“For readers well–versed in the history of Nicaragua since 1960, Wright offers rich insight into the Sandinistas’ conceptualization and reconceptualization of the revolution.”
Latin American Research Review
“An excellent basis for understanding the Nicaraguan Revolution primarily as a Sandinista revolution, this book is first–rate analysis. … A most readable and carefully constructed and argued thesis that provides a comprehensive overview of Nicaraguan political events since 1972. Highly recommended for all readers.”
W.Q. Morales, University of Central Florida, Choice
Even in the period following the electoral defeat of the Sandinista National Liberation Front (FSLN) in 1990, the revolution of 1979 continues to have a profound effect on the political economy of Nicaragua. Wright’s study, which is based on interviews with people from all walks of life—from government and party officials to academics and campesinos—as well as on the large volume of literature in both English and Spanish, focuses on the FSLN understanding of the relationships between the state, the party, and mass actors, and the nature of social classes. Wright considers the topics of agrarian reform, the development of mass organizations, the role of labor, and other aspects of the Nicaraguan political economy in order to assess their significance in theoretical as well as practical terms.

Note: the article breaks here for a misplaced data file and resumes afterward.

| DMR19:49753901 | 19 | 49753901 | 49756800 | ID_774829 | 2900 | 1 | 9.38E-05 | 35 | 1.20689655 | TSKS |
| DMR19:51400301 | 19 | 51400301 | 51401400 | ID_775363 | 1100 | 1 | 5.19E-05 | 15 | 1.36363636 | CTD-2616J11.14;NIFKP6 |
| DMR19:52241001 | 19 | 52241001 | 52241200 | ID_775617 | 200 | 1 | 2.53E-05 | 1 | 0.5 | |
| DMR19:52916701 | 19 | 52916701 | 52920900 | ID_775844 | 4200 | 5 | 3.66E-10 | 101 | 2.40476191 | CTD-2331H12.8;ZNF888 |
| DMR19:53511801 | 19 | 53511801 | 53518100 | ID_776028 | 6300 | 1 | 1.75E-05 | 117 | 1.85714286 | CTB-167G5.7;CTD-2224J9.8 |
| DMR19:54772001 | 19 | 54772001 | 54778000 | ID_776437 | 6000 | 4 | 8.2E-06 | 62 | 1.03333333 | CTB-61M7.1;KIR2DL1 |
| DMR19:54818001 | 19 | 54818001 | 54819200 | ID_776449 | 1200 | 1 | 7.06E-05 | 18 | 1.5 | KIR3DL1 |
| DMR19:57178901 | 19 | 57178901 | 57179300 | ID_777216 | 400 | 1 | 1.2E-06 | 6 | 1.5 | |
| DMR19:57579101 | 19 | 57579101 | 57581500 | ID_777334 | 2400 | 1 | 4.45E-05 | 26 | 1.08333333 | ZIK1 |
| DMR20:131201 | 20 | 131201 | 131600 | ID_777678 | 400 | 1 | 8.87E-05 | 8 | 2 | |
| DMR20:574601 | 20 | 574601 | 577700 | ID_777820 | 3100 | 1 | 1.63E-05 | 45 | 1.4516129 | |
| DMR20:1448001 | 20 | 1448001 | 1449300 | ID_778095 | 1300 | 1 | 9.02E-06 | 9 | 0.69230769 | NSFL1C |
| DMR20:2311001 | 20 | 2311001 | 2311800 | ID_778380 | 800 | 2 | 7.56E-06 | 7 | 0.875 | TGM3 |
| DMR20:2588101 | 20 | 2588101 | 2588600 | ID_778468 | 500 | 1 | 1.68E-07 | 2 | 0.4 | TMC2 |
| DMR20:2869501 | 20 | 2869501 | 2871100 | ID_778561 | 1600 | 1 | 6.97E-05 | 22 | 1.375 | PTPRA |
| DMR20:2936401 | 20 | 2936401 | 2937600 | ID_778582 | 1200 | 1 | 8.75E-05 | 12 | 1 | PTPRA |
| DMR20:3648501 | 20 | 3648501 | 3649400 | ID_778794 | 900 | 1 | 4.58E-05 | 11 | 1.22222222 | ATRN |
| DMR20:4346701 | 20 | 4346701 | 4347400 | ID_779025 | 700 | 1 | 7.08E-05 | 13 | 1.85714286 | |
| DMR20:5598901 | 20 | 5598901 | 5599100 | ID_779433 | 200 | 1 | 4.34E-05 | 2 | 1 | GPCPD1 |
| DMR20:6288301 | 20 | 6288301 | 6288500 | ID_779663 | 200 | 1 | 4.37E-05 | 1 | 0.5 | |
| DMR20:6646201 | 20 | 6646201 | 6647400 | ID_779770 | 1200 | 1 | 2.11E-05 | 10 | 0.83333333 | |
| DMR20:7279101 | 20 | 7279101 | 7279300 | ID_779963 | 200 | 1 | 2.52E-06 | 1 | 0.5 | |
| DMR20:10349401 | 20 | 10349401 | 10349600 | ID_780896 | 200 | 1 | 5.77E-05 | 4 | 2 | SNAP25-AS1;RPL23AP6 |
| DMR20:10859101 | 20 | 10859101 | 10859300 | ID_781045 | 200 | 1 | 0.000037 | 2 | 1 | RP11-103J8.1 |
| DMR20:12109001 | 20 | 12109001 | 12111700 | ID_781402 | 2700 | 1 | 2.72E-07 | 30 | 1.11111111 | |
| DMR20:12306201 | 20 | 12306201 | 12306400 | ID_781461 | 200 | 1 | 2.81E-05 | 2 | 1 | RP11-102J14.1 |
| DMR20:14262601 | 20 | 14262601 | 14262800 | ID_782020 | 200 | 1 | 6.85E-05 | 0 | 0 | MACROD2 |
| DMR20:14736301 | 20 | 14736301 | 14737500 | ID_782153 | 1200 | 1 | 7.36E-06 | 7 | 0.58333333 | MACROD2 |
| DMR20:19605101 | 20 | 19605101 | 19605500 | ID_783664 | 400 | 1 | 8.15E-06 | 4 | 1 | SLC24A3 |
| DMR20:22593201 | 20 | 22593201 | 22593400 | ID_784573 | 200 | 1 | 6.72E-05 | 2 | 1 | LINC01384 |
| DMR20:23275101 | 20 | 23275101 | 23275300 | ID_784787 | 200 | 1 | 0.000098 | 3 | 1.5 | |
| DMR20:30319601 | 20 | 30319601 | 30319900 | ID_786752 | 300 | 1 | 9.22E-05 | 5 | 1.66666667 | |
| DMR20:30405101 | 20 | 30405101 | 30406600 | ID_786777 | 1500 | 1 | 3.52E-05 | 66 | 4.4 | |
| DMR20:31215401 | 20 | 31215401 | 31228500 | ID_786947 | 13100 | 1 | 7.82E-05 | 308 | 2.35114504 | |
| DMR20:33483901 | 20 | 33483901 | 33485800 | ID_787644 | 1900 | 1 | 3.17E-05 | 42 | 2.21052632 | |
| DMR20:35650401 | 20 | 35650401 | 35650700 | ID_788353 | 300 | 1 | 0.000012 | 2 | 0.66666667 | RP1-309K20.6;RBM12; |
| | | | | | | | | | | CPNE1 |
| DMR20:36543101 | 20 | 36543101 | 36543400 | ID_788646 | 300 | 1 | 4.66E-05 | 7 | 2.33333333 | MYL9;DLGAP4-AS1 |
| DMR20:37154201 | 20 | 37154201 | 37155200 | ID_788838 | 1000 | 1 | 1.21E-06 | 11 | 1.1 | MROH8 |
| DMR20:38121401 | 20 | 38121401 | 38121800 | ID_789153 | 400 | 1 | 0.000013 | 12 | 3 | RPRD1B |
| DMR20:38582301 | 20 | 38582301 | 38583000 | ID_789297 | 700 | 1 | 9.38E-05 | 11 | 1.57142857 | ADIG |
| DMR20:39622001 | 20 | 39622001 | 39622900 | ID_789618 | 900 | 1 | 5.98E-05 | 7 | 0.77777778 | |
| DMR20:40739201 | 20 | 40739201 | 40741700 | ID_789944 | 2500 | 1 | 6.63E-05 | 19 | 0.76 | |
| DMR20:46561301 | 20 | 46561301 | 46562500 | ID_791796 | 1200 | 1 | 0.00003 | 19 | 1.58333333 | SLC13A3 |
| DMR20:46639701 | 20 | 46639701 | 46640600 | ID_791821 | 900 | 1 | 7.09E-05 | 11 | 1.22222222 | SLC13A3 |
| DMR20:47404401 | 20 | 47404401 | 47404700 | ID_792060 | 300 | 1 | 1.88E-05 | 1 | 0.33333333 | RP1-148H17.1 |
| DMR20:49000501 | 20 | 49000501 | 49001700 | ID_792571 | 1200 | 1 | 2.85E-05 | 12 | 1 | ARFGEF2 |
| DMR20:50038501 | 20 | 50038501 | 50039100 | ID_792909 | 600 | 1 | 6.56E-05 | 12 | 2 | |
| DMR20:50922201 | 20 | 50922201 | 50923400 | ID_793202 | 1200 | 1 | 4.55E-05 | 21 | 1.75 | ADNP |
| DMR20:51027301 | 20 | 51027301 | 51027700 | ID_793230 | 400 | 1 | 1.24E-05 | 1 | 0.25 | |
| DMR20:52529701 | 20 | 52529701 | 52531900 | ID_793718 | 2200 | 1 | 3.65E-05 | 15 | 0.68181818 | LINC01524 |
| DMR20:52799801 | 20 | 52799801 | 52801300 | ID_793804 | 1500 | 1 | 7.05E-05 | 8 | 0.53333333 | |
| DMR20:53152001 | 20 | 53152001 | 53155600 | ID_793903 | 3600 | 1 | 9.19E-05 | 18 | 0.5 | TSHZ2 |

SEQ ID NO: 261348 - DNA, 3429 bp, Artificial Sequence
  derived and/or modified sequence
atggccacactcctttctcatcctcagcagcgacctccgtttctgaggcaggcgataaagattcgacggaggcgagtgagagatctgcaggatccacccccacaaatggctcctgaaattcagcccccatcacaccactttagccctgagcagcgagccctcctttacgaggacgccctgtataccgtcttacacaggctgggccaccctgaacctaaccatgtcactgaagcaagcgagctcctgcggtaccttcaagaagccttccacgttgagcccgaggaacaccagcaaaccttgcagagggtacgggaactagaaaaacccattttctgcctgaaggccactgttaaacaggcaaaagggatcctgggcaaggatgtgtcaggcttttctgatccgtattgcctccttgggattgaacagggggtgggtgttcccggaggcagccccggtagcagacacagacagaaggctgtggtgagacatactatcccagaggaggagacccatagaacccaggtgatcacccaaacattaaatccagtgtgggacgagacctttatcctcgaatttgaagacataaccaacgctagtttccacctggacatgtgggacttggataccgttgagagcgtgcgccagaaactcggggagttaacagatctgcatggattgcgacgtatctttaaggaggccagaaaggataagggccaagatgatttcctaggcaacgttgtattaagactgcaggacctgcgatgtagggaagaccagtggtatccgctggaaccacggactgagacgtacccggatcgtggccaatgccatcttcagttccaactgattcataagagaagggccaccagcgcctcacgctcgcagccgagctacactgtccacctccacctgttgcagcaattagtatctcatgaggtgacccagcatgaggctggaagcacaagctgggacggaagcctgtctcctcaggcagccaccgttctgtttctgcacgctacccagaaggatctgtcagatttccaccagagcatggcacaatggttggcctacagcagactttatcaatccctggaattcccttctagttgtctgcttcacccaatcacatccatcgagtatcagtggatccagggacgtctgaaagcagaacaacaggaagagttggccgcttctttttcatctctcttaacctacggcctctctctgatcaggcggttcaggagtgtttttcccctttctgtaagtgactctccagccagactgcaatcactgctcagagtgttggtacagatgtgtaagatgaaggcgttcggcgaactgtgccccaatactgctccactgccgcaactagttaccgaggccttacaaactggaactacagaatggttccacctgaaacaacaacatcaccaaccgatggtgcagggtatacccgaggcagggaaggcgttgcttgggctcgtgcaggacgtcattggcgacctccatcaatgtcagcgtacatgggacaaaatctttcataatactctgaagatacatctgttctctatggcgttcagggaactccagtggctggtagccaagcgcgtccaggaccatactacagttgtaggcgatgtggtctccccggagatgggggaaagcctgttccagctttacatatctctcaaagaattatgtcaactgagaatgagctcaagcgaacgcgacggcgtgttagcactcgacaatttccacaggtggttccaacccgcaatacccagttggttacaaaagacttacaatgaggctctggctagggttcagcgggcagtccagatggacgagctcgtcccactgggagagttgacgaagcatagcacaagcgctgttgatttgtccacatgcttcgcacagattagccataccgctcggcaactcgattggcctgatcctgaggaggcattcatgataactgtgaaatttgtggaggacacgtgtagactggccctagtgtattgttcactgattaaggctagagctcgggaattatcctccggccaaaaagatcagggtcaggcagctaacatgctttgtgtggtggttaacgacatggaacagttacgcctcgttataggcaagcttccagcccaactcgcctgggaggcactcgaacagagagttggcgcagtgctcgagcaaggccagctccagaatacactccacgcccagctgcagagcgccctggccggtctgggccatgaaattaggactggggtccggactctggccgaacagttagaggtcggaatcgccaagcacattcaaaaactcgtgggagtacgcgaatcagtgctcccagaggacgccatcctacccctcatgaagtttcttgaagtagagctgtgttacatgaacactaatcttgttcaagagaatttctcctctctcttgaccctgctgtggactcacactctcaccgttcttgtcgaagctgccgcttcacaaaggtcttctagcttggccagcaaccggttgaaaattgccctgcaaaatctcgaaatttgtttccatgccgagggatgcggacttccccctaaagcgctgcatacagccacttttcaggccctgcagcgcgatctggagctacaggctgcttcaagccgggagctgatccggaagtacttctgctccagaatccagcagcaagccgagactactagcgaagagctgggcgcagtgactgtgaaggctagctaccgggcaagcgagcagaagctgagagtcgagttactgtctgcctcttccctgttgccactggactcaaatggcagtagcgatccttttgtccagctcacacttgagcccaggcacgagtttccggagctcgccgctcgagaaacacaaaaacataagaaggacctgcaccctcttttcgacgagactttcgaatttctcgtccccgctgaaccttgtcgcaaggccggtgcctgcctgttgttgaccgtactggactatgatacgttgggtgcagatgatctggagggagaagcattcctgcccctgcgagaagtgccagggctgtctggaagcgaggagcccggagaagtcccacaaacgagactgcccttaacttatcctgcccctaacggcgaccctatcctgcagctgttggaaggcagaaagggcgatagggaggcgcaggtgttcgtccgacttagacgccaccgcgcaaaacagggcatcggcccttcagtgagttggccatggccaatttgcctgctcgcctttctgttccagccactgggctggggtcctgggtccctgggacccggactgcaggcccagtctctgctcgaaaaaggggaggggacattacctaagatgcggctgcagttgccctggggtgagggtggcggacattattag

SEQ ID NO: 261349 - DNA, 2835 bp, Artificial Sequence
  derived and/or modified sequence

Bruce E. Wright, professor of political science at California State University, Fullerton, has visited Nicaragua in a number of capacities, ranging from being a member of a school construction brigade to Academic Representative in the United States of the Nicaraguan Institute of Economic and Social Research (INIES). More info →
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This volume of seven essays on the 1987 Nicaraguan constitution does not accept a priori the judgment that Latin American constitutions are as fragile as egg shells, easily broken and discarded if found to be inconvenient to the interests of the rulers. Rather, they are viewed as being central to understanding political life in contemporary Nicaragua. The perspectives of the analysts and their conclusions are not consensual. They prohibit glib and facile general conclusions.
Taking power in Nicaragua in 1979 as a revolutionary party, the Sandinista National Liberation Front (FSLN) was willing to put its fate in the hands of the Nicaraguan people twice, in 1984 and 1990. The party wrote a democratic constitution and then, remarkably, accepted the decision of the majority by relinquishing power upon its defeat in the 1990 election.
Throughout the 1980s, Barricada, the official daily newspaper of the ruling Sandinista Front, played the standard role of a party organ, seeking the mobilize the Nicaraguan public to support the revolutionary agenda. Beyond the Barricades, however, reveals a story that is both more intriguing and much more complex.